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Smithsonian National Museum of Natural History

Oregon Sunstones

From left to right: Sunstone pendant (NMNH G10366-00); Spitfire sunstone (NMNH G10362-00); and Eternal Flight (NMNH G10343-00)
Photo by Ken Larsen. Click to zoom.
SpecimenCatalog NumberLocalityWeight
Spitfire sunstoneNMNH G10362-00Ponderosa mine, Oregon, United States4.53 ct
Labradorite (var. sunstone)NMNH G10366-00Ponderosa mine, Oregon, United States-
Eternal FlightNMNH G10343-00Ponderosa mine, Oregon, United States174 ct

Gift of Glenn Robert and Connie Dixon in 2004.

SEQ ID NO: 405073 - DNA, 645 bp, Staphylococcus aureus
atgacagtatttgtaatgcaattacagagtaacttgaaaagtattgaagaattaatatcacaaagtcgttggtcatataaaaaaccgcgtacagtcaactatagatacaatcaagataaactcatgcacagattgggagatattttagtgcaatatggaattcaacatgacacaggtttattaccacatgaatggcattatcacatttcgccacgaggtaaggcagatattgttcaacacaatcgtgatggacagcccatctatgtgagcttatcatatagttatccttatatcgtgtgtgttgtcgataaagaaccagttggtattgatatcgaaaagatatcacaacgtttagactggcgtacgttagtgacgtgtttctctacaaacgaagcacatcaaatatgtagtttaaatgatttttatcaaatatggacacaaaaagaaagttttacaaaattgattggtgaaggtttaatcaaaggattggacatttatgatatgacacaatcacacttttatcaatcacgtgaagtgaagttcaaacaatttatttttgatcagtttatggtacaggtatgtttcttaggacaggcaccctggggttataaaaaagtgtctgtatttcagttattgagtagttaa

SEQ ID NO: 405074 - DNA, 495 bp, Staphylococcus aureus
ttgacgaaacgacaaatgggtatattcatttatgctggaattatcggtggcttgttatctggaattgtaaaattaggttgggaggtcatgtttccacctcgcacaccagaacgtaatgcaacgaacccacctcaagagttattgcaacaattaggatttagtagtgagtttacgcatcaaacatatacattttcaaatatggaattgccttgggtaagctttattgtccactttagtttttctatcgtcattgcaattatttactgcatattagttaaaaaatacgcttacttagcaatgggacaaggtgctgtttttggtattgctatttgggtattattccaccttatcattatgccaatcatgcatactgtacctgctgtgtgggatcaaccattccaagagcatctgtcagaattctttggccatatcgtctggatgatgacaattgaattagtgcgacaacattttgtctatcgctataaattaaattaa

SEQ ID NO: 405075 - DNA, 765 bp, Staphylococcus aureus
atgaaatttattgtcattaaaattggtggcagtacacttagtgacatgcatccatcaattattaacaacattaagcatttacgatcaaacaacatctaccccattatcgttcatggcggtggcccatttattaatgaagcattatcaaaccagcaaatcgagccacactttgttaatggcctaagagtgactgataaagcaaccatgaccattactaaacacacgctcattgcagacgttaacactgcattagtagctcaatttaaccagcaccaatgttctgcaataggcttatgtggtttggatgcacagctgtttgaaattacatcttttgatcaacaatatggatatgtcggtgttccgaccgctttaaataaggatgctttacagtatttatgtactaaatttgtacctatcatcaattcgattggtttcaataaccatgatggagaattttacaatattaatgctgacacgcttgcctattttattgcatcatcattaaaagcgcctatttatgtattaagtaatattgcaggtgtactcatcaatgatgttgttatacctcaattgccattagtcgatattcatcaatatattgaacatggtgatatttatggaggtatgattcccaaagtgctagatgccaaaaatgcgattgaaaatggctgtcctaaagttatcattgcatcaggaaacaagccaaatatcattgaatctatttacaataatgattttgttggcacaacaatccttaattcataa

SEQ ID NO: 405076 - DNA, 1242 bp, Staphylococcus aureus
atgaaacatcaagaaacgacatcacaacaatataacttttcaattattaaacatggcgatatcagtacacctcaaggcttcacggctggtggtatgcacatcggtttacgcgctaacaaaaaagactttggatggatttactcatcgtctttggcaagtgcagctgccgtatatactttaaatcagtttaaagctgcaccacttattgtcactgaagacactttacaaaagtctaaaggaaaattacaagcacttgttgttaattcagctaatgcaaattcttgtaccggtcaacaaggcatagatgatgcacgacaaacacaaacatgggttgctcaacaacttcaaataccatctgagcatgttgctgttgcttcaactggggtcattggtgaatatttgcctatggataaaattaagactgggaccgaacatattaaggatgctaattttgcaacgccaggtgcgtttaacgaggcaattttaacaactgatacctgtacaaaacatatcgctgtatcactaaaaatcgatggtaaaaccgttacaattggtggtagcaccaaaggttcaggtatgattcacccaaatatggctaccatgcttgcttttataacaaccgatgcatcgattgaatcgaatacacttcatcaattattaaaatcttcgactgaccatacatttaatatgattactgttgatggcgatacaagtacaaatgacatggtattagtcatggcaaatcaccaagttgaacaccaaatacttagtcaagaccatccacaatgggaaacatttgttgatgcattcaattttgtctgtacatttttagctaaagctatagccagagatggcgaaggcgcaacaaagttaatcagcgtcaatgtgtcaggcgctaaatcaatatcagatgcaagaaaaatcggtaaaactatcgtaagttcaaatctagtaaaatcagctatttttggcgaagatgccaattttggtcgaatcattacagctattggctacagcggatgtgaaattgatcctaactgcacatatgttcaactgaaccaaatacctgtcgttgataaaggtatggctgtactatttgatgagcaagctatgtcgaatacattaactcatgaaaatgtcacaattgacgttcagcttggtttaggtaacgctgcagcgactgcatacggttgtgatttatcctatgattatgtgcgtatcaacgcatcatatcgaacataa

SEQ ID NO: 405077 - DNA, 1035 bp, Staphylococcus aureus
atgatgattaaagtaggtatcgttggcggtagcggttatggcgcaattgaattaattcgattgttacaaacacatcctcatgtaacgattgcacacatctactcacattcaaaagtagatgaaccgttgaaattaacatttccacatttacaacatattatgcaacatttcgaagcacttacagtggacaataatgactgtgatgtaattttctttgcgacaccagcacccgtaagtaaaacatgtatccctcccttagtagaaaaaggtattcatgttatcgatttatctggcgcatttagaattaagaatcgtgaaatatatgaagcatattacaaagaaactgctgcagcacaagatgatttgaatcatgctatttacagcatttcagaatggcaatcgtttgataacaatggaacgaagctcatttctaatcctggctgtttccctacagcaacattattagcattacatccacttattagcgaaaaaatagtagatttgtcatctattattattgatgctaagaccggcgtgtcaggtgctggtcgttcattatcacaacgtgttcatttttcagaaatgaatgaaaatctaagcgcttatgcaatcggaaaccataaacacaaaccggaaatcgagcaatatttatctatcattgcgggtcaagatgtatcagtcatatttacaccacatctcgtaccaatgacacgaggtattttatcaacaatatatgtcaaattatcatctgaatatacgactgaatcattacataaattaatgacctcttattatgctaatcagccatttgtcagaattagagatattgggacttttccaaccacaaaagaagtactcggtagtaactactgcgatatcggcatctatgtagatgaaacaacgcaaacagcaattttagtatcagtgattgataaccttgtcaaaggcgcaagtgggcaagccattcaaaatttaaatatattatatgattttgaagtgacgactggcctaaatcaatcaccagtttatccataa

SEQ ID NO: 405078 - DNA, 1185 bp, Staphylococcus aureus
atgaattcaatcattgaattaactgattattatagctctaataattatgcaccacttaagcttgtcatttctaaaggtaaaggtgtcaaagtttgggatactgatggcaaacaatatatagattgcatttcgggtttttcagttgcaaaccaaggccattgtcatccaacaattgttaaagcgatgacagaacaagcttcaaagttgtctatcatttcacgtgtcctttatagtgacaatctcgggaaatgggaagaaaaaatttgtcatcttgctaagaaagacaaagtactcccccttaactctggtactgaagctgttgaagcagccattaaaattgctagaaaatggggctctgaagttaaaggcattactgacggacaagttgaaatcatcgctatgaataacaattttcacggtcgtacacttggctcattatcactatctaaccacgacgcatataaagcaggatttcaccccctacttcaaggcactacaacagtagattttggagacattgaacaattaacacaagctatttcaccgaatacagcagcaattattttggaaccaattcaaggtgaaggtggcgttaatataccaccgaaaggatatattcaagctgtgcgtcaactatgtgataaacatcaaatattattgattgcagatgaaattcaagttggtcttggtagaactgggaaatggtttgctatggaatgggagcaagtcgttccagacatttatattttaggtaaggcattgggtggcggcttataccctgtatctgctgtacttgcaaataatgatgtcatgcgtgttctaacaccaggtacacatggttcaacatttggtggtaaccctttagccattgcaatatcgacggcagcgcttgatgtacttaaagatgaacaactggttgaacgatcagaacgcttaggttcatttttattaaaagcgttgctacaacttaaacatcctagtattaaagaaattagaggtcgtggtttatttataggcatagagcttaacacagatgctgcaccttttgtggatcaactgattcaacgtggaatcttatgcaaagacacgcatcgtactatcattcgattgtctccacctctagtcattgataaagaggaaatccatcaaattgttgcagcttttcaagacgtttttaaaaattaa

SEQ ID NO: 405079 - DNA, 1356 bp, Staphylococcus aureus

The minerals in the feldspar family make up more than half of the Earth’s crust. Occasionally these common minerals form crystals that have an optical phenomenon called aventurescence or shiller. Sunstones exhibit a reddish to golden sheen called schiller, resulting from light reflecting off numerous tiny copper or hematite (iron oxide) flakes scattered within the stones. Varying amounts of copper in Oregon sunstone cause the gems to range in color from colorless to yellow, as well as shades of green, red and pink. Some gems contain several colors, as seen in the carved sunstones pictured here. The pendant at far right was designed and carved by Nancy Chan and Greg Fraser; the center sunstone, “Spitfire,” is 4.53 carats and was faceted by Paul Paulson; the sunstone at far left, “Eternal Flight,” is 174 carats and was carved by Bobbie Lorett. This suite of carved and faceted Oregon Sunstones was a wonderful addition to the National Gem Collection in 2004.


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